The course was excellent. There’s no two ways about it. F.I.T. Challenge really nailed it all – use-of-venue, variety, quality, and quantity of obstacles…it was just really well-done. Top-freaking-notch. I’m genuinely impressed here, in case you couldn’t tell. The course was also INCREDIBLY well-marked – trust me…while volunteering post-race I pulled hundreds of flags, a ton of caution tape, and MANY arrow signs…so I can personally attest to that.

I want to point out that part of what helped this race have such an excellent course was the #OCRUnited element – they played well with others. ABF Mud Run, ORTC at Shale Hill, Grit ‘n’ Wit, Blizzard Blast and more – Robb McCoy and his crew aren’t afraid to work with others to put on a successful event. This is something that helped him in planning, execution, race-day experience, the course itself…all areas got a boost. Other, bigger races could learn something from F.I.T. Challenge in this regard. Take notes, big 3.

Support/Swag – 9

Swag and Support was good – above average, even! Swag included a cotton t-shirt, a logo’d headband (similar to what you get at a Spartan Race, but no bib number), and finisher’s medal. I love the medal – shaped like a Wreck Bag (added to the #OCRUnited feel – lots of local races are embracing Wreck Bag). NE Spahtens also got some “cheap sunglasses” (you know, the plastic Wayfarer knock-offs?) with Spahten F.I.T. printed on them. I’m a sucker for “cheap sunglasses”, and I think everyone else is too, let’s be honest. Thanks F.I.T.!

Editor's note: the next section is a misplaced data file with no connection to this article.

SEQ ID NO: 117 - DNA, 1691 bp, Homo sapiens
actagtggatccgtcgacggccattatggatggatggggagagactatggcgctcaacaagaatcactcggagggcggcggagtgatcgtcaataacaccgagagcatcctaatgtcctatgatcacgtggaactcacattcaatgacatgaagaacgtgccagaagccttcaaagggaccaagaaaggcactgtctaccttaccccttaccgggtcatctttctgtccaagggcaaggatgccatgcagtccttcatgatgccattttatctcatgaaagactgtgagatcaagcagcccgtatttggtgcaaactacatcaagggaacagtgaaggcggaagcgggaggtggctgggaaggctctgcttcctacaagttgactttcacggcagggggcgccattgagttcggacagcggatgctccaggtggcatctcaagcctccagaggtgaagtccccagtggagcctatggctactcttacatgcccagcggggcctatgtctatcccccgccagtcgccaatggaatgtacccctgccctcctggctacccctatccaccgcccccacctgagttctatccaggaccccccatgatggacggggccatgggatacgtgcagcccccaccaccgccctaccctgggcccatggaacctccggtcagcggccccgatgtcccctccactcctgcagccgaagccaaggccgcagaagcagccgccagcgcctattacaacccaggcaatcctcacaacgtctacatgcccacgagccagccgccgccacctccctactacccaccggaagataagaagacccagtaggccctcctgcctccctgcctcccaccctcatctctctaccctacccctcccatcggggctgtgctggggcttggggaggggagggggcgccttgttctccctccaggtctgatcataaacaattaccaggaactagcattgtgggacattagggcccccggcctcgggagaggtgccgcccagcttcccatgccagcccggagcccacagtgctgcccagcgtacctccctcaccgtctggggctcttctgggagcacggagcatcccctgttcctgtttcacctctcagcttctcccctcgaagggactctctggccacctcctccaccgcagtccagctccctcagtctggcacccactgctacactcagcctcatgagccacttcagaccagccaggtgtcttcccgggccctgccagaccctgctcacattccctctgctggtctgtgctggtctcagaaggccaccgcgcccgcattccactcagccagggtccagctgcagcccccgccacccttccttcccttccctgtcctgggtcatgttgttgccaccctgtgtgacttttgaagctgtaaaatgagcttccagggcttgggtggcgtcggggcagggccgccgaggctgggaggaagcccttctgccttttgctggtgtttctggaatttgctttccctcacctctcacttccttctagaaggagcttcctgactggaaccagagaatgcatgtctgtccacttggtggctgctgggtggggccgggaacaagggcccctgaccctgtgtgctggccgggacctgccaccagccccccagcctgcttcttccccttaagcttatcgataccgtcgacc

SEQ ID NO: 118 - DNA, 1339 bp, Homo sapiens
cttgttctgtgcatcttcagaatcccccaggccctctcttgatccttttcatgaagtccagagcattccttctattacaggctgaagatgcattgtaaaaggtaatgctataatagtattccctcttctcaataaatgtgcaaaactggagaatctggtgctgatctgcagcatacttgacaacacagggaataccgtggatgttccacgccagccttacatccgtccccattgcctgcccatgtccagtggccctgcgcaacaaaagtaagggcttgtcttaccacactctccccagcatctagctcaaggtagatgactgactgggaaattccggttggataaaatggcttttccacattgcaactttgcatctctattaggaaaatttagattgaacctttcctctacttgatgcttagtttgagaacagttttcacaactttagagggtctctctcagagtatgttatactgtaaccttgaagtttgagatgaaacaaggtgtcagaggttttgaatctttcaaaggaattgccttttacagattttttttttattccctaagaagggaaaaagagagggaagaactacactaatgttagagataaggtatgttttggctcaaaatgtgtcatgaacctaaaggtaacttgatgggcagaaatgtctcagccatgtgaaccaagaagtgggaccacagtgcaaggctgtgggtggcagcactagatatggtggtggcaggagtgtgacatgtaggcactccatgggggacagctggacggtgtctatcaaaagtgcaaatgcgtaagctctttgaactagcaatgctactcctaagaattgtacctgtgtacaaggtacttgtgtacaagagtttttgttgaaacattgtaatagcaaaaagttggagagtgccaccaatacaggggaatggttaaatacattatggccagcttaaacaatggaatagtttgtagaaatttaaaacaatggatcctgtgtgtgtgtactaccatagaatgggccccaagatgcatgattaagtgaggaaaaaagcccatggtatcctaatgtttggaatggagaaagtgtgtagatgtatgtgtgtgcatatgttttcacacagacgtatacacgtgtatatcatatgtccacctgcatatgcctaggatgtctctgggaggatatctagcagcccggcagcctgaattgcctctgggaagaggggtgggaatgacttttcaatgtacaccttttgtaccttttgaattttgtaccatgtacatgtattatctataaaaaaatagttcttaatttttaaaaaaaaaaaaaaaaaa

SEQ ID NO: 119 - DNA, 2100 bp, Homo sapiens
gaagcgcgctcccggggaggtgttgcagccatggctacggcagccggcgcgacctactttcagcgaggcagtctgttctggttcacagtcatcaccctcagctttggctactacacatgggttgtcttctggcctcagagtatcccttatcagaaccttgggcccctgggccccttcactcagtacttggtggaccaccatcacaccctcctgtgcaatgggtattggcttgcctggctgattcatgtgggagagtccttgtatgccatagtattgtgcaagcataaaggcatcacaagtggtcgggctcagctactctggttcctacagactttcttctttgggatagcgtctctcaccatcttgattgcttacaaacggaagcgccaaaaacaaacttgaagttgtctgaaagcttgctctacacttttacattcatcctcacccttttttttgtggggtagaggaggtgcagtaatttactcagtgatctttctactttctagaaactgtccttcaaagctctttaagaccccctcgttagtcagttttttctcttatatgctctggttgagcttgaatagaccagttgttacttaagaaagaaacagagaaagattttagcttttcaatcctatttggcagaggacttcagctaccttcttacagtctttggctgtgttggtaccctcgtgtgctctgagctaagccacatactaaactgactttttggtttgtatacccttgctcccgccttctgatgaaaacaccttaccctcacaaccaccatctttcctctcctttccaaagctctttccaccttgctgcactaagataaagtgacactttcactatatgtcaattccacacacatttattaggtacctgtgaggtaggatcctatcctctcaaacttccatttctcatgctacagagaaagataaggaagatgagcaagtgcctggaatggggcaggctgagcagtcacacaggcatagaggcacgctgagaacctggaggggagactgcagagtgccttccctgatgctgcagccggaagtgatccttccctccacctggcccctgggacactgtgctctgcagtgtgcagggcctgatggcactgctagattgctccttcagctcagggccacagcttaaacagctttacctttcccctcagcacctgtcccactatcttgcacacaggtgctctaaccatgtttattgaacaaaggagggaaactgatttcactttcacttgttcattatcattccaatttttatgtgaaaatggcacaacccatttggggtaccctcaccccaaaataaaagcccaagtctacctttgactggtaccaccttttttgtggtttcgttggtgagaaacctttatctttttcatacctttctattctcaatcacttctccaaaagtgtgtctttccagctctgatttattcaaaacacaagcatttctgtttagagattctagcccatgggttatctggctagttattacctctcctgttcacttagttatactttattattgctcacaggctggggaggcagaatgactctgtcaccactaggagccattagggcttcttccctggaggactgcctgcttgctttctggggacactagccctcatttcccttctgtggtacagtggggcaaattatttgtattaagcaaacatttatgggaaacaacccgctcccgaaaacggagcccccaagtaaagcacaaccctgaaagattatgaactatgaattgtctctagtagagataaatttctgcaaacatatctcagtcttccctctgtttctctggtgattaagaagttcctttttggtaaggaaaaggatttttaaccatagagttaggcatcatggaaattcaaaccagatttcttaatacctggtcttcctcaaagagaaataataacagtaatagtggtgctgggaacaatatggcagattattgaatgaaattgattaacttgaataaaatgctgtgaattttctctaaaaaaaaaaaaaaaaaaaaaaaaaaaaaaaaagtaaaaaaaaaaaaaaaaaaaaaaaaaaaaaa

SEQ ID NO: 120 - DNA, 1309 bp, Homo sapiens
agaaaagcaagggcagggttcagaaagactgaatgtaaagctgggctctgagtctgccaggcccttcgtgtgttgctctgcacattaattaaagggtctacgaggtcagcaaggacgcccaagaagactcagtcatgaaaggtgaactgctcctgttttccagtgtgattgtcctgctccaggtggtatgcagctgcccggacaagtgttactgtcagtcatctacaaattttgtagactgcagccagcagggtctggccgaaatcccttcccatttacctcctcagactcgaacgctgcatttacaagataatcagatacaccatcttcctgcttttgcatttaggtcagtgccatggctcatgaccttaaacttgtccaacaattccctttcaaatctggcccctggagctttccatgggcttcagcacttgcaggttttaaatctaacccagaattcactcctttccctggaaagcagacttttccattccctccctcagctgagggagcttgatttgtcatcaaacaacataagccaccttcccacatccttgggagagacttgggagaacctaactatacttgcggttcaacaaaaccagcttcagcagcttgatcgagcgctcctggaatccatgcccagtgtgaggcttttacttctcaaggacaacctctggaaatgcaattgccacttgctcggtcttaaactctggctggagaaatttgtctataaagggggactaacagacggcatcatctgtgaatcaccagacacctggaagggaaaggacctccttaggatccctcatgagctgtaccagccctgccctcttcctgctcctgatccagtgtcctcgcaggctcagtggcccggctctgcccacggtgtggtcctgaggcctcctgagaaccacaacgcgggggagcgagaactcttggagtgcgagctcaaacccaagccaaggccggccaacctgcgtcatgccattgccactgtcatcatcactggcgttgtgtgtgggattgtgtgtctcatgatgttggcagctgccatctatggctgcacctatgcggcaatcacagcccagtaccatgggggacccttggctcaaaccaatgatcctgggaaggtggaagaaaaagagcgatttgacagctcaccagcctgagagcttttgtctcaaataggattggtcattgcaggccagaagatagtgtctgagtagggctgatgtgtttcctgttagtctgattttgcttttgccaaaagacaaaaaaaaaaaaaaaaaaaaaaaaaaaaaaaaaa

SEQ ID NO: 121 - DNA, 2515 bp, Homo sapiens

Age group awards were provided (nice), and as an added bonus (I mentioned this before) for those who managed 5 (timed) laps there was a special plaque involved. Nice touch. Not to mention that whole “OCRWC Qualifier” thing.

Support was good – especially when you got to the #OCRUnited parts of the course, especially the big cluster with “rigs” by the big Shale Hill truck. There was a volunteer at every obstacle, as there should be, (some more engaged than others) and I was aware of medical support that was available.

Post-Race – 8

Post-race was pretty good too. Once you cross the finish there was water, Hint Water (review coming) and though I didn’t stop to look, I think there was food of some sort (bananas maybe?). The little festival area was there, so First Aid Shot Therapy was there with their “shots” (think 5 hour energy…but aspirin) in case you were hurtin’. There was a cool little podium/backdrop area for photo ops and awards, but aside from that…if you’re not running another lap (which you could for $10 or $15)…when you finish the race that’s kinda it. Pack it up and go home. You could certainly hang out, though…it IS a state park (and very pretty, I thought).

I personally would’ve gone back over to the NE Spahtens tent to hang out if I hadn’t immediately gone over to volunteer (he was grossly under-supported for PM volunteers. Shame on people for bailing). That’s how I wrapped MY day up, and it was kinda fun to break it all down 🙂